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The first thing that I notice from the datasheet is that the opamp has 3 mV input offset voltage, which is clearly biasing your circuit.

Try to use larger signals, since you have enough output voltage headroom. (100 mA * 22 Ω = 2.2 V). I'd start by using something in the order of 0.1 V as input signal, then maybe reduce it until you get too much error due to the offset.

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  • \$\begingroup\$ Good stuff, offset voltage, eh?? Here's me thinking opamps were straightforward! But, what you're saying makes sense, since I was concluding (having eliminated other possibilities) that the low input voltages were causing the opamp trouble. Actually, I put in the 22ohm load after my 5k pot started burning up. The load will eventually be whatever circuit is being prototyped (resistance unknown). I was hoping to keep as much of the voltage as possible, but losing a bit more is no big deal. \$\endgroup\$ – Buck8pe Dec 7 '14 at 19:56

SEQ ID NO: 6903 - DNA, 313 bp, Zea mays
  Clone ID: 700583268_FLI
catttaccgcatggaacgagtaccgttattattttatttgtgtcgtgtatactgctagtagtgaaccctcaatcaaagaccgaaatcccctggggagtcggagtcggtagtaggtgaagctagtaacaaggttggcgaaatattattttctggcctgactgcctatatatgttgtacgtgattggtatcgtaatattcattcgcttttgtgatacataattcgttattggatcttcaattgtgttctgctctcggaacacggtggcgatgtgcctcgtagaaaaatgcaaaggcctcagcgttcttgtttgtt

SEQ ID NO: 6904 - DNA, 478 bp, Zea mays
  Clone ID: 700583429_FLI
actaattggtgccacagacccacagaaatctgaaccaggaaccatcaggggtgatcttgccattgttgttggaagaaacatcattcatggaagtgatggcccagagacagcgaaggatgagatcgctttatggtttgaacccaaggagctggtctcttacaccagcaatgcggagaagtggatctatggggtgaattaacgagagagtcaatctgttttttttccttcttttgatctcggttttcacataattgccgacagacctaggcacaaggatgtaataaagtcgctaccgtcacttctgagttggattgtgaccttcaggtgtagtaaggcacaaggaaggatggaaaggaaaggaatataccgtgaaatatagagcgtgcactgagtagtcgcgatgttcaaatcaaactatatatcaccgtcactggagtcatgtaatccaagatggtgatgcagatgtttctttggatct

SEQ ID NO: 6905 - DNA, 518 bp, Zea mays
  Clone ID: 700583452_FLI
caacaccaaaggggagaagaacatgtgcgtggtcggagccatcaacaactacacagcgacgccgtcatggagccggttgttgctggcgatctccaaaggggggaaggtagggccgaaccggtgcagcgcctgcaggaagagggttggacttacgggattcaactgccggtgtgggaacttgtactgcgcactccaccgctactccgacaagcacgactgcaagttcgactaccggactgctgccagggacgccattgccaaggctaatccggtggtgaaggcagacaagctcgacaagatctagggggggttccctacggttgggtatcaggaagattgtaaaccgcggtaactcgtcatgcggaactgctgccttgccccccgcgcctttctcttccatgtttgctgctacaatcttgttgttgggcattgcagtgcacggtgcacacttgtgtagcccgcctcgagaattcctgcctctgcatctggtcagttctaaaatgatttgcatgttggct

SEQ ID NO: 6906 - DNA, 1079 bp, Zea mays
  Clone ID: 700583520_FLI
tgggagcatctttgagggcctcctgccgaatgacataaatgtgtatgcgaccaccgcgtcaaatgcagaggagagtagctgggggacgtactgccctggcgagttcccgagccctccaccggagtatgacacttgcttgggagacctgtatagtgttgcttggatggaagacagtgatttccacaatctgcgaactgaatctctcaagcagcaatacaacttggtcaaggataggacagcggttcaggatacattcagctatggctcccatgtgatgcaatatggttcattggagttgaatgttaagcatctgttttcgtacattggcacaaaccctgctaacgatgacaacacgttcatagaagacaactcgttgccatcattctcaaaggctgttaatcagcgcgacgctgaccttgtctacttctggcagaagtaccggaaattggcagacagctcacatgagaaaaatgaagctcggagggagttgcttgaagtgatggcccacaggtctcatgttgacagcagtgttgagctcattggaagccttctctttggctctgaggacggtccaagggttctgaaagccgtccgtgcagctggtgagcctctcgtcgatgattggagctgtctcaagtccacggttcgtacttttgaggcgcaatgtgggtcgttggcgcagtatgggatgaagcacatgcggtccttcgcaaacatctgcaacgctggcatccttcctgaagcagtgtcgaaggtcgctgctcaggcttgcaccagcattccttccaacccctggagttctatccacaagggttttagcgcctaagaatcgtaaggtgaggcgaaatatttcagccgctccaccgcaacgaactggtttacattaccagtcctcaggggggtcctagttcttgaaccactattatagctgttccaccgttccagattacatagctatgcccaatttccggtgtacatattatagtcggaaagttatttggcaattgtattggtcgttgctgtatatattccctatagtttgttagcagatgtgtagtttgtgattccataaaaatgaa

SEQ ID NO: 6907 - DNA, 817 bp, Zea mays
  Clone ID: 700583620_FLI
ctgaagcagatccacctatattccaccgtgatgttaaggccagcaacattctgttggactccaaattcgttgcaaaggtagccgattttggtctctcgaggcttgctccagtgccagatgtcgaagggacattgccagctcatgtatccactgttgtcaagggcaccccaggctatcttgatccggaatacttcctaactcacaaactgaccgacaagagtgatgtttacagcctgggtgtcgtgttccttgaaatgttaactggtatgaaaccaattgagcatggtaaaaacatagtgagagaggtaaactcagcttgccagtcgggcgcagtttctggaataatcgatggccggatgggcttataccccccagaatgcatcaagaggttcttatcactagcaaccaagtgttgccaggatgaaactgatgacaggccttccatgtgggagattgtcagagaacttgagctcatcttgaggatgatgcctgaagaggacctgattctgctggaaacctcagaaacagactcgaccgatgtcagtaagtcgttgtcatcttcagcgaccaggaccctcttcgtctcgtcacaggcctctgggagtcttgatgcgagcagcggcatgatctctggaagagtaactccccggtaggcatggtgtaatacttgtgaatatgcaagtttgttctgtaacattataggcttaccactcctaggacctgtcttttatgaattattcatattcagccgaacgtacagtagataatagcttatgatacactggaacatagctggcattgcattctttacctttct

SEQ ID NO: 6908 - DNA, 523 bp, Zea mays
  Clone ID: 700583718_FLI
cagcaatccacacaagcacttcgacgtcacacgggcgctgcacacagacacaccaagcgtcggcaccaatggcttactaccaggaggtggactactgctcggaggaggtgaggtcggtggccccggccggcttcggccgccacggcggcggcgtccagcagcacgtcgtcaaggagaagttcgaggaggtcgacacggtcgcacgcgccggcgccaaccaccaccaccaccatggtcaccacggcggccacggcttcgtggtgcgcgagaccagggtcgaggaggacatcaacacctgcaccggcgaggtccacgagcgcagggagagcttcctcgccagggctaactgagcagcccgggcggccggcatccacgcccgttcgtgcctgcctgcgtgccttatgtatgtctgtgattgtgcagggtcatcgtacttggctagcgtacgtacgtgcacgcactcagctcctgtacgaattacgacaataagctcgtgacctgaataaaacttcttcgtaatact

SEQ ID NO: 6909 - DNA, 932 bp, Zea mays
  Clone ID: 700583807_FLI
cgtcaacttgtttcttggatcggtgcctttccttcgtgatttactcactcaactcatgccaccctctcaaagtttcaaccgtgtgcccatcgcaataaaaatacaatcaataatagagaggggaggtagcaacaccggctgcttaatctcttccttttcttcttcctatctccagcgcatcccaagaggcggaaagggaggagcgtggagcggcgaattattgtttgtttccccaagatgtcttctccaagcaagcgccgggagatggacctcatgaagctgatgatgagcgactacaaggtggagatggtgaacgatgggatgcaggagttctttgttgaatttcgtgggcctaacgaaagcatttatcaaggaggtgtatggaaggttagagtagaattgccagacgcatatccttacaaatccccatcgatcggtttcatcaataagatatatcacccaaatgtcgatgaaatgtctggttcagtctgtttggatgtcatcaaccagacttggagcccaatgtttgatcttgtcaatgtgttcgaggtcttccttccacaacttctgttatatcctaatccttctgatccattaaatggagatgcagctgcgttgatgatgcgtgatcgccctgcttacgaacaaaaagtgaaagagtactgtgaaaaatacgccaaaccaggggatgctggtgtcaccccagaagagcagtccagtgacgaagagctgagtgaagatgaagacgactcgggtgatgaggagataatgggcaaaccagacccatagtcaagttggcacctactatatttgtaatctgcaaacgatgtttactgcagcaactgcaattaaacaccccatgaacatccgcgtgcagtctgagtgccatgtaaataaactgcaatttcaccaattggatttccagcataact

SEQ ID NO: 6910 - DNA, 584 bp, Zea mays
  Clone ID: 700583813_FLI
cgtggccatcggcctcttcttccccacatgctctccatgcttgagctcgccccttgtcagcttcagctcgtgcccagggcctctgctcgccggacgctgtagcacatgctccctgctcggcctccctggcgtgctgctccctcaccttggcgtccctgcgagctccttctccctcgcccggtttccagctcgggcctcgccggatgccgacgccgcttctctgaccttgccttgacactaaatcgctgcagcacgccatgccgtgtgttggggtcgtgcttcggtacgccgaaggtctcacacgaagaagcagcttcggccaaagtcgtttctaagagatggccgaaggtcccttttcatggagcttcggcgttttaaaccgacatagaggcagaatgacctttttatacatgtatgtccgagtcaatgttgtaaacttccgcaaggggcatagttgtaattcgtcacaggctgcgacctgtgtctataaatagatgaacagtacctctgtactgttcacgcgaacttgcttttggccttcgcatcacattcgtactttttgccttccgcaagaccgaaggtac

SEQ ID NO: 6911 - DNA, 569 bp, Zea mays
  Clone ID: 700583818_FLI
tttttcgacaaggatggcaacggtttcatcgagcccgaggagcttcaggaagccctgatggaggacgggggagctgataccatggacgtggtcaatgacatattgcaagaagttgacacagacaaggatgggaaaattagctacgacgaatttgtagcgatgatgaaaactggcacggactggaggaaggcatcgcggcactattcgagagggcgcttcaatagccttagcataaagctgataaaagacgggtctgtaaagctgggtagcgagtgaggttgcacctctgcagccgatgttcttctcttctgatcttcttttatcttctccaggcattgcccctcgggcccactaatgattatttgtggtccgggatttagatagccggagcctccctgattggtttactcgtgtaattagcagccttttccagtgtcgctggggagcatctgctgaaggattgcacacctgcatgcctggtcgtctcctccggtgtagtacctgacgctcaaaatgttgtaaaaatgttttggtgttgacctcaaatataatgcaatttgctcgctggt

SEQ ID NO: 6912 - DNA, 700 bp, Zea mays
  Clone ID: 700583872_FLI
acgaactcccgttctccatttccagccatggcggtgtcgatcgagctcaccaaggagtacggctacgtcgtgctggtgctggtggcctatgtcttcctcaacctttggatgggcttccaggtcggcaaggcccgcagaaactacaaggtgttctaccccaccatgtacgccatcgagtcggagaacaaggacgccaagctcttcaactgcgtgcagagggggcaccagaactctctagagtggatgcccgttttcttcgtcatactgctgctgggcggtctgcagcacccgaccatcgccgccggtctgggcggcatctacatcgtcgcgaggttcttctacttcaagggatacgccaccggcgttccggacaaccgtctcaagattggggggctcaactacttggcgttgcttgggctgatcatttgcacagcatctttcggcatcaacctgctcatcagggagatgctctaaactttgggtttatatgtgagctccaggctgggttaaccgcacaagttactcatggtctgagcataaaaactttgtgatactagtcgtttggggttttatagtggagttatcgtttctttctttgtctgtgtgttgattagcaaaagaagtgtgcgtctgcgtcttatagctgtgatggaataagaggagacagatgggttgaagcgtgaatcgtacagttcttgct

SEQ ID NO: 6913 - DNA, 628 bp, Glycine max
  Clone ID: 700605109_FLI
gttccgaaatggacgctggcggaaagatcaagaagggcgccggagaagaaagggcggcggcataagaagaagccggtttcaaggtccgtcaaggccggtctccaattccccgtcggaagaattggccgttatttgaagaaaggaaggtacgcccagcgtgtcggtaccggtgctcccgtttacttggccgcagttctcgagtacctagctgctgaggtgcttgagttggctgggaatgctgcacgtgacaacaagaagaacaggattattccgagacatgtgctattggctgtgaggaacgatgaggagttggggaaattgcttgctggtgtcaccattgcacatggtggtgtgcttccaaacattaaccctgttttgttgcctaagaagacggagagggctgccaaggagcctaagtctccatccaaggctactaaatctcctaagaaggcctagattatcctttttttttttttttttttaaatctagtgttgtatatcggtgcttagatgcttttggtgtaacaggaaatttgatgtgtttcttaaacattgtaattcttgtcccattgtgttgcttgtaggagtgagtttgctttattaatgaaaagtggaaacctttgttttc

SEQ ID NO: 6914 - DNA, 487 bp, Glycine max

• \$\begingroup\$ @user50500 I'm not sure why exactly the 5k pot was heating up, and how that was related to the load. I would expect the transistor to heat up if it has to drop most of the 5 V while drawing 100 mA (500 mW). \$\endgroup\$ – clabacchio Dec 7 '14 at 20:49
  • \$\begingroup\$ Actually, you could be right and I was thinking the same thing this morning. Since the opamp wasn't behaving as expected (and even if it was) when I shorted the load using the pot I gave it as much current as it was screaming for owing to the opamp pushing hard on the base pin. Even if it came out of saturation because of a disappearing Rl it would still have a very high Ic - thus the smoke! The worst part is I threw that transistor back in the pile! Better go find it. \$\endgroup\$ – Buck8pe Dec 8 '14 at 11:31